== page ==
[Show abstract][Hide abstract] ABSTRACT: Here we presented a single electroencephalographic (EEG) marker for a neurophysiological assessment of Alzheimer's disease (AD) patients already diagnosed by current guidelines. The ability of the EEG marker to classify 127 AD individuals and 121 matched cognitively intact normal elderly (Nold) individuals was tested. Furthermore, its relationship to AD patients' cognitive status and structural brain integrity was examined. Low-resolution brain electromagnetic tomography (LORETA) freeware estimated cortical sources of resting state eyes-closed EEG rhythms. The EEG marker was defined as the ratio between the activity of parieto-occipital cortical sources of delta (2-4 Hz) and low-frequency alpha (8-10.5 Hz) rhythms. Results showed 77.2% of sensitivity in the recognition of the AD individuals; 65% of specificity in the recognition of the Nold individuals; and 0.75 of area under the receiver-operating characteristic curve. Compared to the AD subgroup with the EEG maker within one standard deviation of the Nold mean (EEG-), the AD subgroup with EEG+ showed lower global cognitive status, as revealed by Mini-Mental State Evaluation score, and more abnormal values of white-matter and cerebrospinal fluid normalized volumes, as revealed by structural magnetic resonance imaging. We posit that cognitive and functional status being equal, AD patients with EEG+ should receive special clinical attention due to a neurophysiological "frailty". EEG+ label can be also used in clinical trials (i) to form homogeneous groups of AD patients diagnosed by current guidelines and (ii) as end-point to evaluate intervention effects.
Full-text · Article · Oct 2015 · Journal of Alzheimer's disease: JAD
[Show abstract][Hide abstract] ABSTRACT: Background: The ItalianDIAfN project aims at laying the foundations for an Italian network of centres of excellence with the capabilities to recruit and assess families carrying mutations linked to familial Alzheimer's disease (fAD) or frontotemporal lobar degeneration (fFTLD). The first phase of the project aimed to define standard protocols for the recruitment and data collection of families with fAD and fFTLD.
Methods: A survey of local protocols for patients recruitment (including genetic counselling) and data collection (including clinical, neuropsychological, neuroimaging, molecular imaging, biological and neurophysiological assessment) was conducted. The major international protocols for the biomarkers assessment of fAD and fFTLD were also surveyed. Differences and commonalities among protocols were identified and discussed among ItalianDIAfN partners to reach consensus.
Results: The ItalianDIAfN network converged on a standard protocol for genetic counselling of patients with clinically diagnosed AD/FTLD and/or their at-risk-relatives. Genetic counselling will be provided by a multidisciplinary team, including a geneticist, a psychologist/psychiatrist, and a neurologist/geriatrician, according to the following schedule (Figure, left panel): (i) supportive and informational consultations; (ii) clinical, cognitive and personality assessment; (iii) genetic testing if appropriate; (iv) genetic status disclosure (for those who wish to know); (v) follow-up supportive consultations. A decision tree was developed to assist in the search of the mutation: for cases with abnormal CSF Aβ levels, AD mutations will be searched first; for cases with normal CSF values or data not available, the search for the mutation will be guided by the clinical phenotype first and the age at onset secondly (Figure, central panel). For the data collection, the ItalianDIAfN network converged on disease-specific, internationally compliant protocols as detailed in the Table.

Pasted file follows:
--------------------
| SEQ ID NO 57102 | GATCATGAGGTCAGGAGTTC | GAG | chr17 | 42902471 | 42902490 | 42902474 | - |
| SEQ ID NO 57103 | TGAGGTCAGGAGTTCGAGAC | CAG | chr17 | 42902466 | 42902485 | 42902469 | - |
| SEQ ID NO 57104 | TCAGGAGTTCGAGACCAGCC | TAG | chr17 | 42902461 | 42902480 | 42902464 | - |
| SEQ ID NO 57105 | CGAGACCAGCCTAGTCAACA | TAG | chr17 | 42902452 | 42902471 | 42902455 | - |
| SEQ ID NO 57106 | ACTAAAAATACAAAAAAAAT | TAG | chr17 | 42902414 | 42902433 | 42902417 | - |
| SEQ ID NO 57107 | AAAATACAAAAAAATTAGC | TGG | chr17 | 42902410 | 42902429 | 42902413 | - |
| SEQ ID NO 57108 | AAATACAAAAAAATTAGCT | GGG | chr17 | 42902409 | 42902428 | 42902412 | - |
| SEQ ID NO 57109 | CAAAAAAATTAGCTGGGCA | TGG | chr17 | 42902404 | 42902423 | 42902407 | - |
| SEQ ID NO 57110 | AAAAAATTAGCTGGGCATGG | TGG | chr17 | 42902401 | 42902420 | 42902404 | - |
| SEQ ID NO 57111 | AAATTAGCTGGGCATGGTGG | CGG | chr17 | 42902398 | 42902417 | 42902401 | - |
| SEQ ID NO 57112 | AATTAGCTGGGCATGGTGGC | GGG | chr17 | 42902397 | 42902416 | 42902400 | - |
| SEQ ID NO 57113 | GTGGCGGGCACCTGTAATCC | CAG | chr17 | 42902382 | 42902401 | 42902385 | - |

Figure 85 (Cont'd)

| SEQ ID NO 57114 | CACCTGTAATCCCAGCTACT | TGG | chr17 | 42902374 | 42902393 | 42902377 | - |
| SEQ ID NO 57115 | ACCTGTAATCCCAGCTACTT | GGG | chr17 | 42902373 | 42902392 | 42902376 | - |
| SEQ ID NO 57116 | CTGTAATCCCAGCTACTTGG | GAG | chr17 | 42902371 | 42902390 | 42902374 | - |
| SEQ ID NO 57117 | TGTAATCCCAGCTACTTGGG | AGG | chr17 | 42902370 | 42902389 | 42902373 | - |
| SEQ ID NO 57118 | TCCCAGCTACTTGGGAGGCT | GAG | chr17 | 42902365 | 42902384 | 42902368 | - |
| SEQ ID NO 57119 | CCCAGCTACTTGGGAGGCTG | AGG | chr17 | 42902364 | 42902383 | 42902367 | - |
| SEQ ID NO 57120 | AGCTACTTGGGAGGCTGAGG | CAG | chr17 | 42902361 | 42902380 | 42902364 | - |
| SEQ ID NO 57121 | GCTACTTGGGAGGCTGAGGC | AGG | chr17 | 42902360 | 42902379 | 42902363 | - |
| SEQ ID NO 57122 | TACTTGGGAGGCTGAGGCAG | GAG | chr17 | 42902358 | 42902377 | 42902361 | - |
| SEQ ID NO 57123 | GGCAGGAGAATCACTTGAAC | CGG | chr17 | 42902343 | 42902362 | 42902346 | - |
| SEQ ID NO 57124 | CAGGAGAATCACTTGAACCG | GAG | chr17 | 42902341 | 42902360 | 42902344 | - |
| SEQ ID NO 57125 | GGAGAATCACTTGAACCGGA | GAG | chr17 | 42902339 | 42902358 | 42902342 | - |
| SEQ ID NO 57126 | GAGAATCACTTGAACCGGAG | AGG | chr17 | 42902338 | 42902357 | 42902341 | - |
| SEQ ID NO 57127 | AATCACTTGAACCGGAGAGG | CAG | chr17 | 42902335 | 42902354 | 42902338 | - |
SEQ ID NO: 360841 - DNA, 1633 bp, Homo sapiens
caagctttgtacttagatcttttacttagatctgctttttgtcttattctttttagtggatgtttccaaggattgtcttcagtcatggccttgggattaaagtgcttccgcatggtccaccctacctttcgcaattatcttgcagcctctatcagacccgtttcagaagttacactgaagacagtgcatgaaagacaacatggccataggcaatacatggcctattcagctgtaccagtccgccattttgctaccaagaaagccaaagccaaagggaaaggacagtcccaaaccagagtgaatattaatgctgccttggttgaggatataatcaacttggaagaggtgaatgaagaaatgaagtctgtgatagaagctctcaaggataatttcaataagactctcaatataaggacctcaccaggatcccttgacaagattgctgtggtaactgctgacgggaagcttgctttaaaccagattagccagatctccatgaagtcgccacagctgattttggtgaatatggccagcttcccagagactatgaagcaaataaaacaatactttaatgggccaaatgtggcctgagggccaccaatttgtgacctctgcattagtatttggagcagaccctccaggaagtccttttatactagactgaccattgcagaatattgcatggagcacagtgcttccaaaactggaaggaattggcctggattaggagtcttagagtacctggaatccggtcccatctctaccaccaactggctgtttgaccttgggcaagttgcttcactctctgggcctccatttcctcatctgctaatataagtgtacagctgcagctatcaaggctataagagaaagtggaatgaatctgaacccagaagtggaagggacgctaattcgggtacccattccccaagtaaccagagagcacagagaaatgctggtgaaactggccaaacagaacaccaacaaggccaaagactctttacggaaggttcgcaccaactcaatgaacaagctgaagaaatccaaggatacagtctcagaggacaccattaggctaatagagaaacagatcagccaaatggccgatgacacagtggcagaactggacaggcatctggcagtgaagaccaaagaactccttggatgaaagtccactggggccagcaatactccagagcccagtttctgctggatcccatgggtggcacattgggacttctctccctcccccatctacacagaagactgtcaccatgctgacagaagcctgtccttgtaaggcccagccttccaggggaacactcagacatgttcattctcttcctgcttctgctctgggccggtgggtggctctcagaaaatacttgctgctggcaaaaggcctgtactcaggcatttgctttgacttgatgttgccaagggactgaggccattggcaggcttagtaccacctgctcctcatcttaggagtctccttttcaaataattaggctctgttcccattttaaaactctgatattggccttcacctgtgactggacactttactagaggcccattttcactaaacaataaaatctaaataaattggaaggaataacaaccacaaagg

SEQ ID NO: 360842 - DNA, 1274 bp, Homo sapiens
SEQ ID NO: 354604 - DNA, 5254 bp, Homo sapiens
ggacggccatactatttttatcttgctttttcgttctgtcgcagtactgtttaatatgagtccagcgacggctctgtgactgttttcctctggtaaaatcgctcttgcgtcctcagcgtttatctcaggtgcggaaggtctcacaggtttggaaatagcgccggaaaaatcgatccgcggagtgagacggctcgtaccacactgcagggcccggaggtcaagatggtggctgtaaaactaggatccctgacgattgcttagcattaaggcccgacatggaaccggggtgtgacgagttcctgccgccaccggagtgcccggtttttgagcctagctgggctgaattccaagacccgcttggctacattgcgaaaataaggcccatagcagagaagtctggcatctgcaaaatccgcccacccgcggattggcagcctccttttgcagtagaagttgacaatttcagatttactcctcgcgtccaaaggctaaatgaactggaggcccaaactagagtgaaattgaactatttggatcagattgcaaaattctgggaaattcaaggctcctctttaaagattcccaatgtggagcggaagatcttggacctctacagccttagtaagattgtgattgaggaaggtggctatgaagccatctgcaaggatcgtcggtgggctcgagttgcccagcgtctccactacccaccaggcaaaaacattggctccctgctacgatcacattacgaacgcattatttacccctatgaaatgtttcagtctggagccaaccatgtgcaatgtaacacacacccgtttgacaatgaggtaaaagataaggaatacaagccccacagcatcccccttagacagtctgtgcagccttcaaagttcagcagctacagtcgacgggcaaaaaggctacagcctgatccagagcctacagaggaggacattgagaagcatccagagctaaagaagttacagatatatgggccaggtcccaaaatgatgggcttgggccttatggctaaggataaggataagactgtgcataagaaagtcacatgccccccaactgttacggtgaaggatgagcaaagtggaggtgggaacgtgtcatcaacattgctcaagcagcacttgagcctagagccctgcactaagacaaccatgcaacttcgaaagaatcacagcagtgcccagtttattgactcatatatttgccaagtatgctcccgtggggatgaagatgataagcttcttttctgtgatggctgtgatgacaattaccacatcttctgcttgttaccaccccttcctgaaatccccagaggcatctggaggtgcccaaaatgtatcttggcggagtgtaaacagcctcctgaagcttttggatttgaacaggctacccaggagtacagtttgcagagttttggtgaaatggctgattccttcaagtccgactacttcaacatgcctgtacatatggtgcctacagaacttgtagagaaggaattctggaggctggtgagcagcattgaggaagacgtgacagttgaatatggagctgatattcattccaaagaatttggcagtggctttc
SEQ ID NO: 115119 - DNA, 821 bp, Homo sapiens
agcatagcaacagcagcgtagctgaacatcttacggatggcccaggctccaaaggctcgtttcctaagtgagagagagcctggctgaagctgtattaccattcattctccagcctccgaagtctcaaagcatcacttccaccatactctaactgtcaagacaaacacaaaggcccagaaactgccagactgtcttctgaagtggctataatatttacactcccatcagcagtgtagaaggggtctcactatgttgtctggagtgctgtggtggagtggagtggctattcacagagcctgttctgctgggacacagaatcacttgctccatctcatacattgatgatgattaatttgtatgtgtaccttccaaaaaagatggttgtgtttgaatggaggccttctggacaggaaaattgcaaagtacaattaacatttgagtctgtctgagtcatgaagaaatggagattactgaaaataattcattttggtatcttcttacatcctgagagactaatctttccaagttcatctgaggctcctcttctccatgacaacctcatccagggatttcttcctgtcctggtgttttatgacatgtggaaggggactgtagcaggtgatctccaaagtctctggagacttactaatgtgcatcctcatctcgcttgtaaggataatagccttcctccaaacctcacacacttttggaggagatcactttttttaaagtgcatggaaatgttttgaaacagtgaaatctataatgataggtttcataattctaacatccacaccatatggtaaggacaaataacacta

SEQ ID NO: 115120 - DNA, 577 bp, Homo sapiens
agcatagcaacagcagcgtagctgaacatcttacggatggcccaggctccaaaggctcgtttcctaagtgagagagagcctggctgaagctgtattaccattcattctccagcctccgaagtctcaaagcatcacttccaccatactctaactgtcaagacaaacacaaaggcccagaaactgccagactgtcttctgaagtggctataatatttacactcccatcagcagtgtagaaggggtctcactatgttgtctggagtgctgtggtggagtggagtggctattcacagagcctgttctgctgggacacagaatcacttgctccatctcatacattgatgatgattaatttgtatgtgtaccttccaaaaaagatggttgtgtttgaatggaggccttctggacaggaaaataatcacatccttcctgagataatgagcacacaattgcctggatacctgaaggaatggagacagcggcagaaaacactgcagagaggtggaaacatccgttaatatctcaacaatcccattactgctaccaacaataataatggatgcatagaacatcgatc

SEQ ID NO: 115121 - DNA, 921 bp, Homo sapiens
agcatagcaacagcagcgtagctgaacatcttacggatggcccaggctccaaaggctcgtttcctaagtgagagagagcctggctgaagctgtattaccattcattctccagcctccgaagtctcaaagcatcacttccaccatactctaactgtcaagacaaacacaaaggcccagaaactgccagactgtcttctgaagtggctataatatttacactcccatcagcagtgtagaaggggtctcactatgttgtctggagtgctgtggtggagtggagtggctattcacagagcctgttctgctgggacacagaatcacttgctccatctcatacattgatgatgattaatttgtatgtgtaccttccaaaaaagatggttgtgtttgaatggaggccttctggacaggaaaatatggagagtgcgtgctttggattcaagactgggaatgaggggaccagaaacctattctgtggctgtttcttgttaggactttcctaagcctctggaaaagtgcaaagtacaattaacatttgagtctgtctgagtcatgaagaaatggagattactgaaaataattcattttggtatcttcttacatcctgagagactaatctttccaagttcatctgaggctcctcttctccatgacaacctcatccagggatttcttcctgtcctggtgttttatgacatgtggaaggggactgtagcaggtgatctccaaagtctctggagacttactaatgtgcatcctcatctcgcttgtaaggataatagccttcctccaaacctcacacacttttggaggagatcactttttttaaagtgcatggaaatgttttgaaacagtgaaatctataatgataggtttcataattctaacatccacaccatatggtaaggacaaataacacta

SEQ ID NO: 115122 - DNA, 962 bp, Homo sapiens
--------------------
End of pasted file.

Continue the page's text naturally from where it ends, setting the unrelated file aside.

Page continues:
Conclusions: A standard protocol for the assessment and the genetic counselling of fAD and fFTLD cases was defined. These protocols will now be validated on subjects from 12 families with a known pathogenic mutation for fAD or fFTLD (Figure, right panel). The procedures will be disseminated to reach academia, medical societies, and the public at large. The project will contribute to the most innovative initiatives under way in this field by increasing the pool of subjects for disease modifiers trials.
[Show abstract][Hide abstract] ABSTRACT: Cortical sources of resting state electroencephalographic (EEG) rhythms are abnormal in subjects with mild cognitive impairment (MCI). Here, we tested the hypothesis that these sources in amnesic MCI subjects further deteriorate over 1 year. To this aim, the resting state eyes-closed EEG data were recorded in 54 MCI subjects at baseline (Mini Mental State Examination I = 26.9; standard error [SE], 0.2) and at approximately 1-year follow-up (13.8 months; SE, 0.5; Mini Mental State Examination II = 25.8; SE, 0.2). As a control, EEG recordings were also performed in 45 normal elderly and in 50 mild Alzheimer's disease subjects. EEG rhythms of interest were delta (2-4 Hz), theta (4-8 Hz), alpha1 (8-10.5 Hz), alpha2 (10.5-13 Hz), beta1 (13-20 Hz), and beta2 (20-30 Hz). Cortical EEG sources were estimated using low-resolution brain electromagnetic tomography. Compared with the normal elderly and mild Alzheimer's disease subjects, the MCI subjects were characterized by an intermediate power of posterior alpha1 sources. In the MCI subjects, the follow-up EEG recordings showed a decreased power of posterior alpha1 and alpha2 sources. These results suggest that the resting state EEG alpha sources were sensitive-at least at the group level-to the cognitive decline occurring in the amnesic MCI group over 1 year, and might represent cost-effective, noninvasive and widely available markers to follow amnesic MCI populations in large clinical trials.
Full-text · Article · Jul 2013 · Neurobiology of aging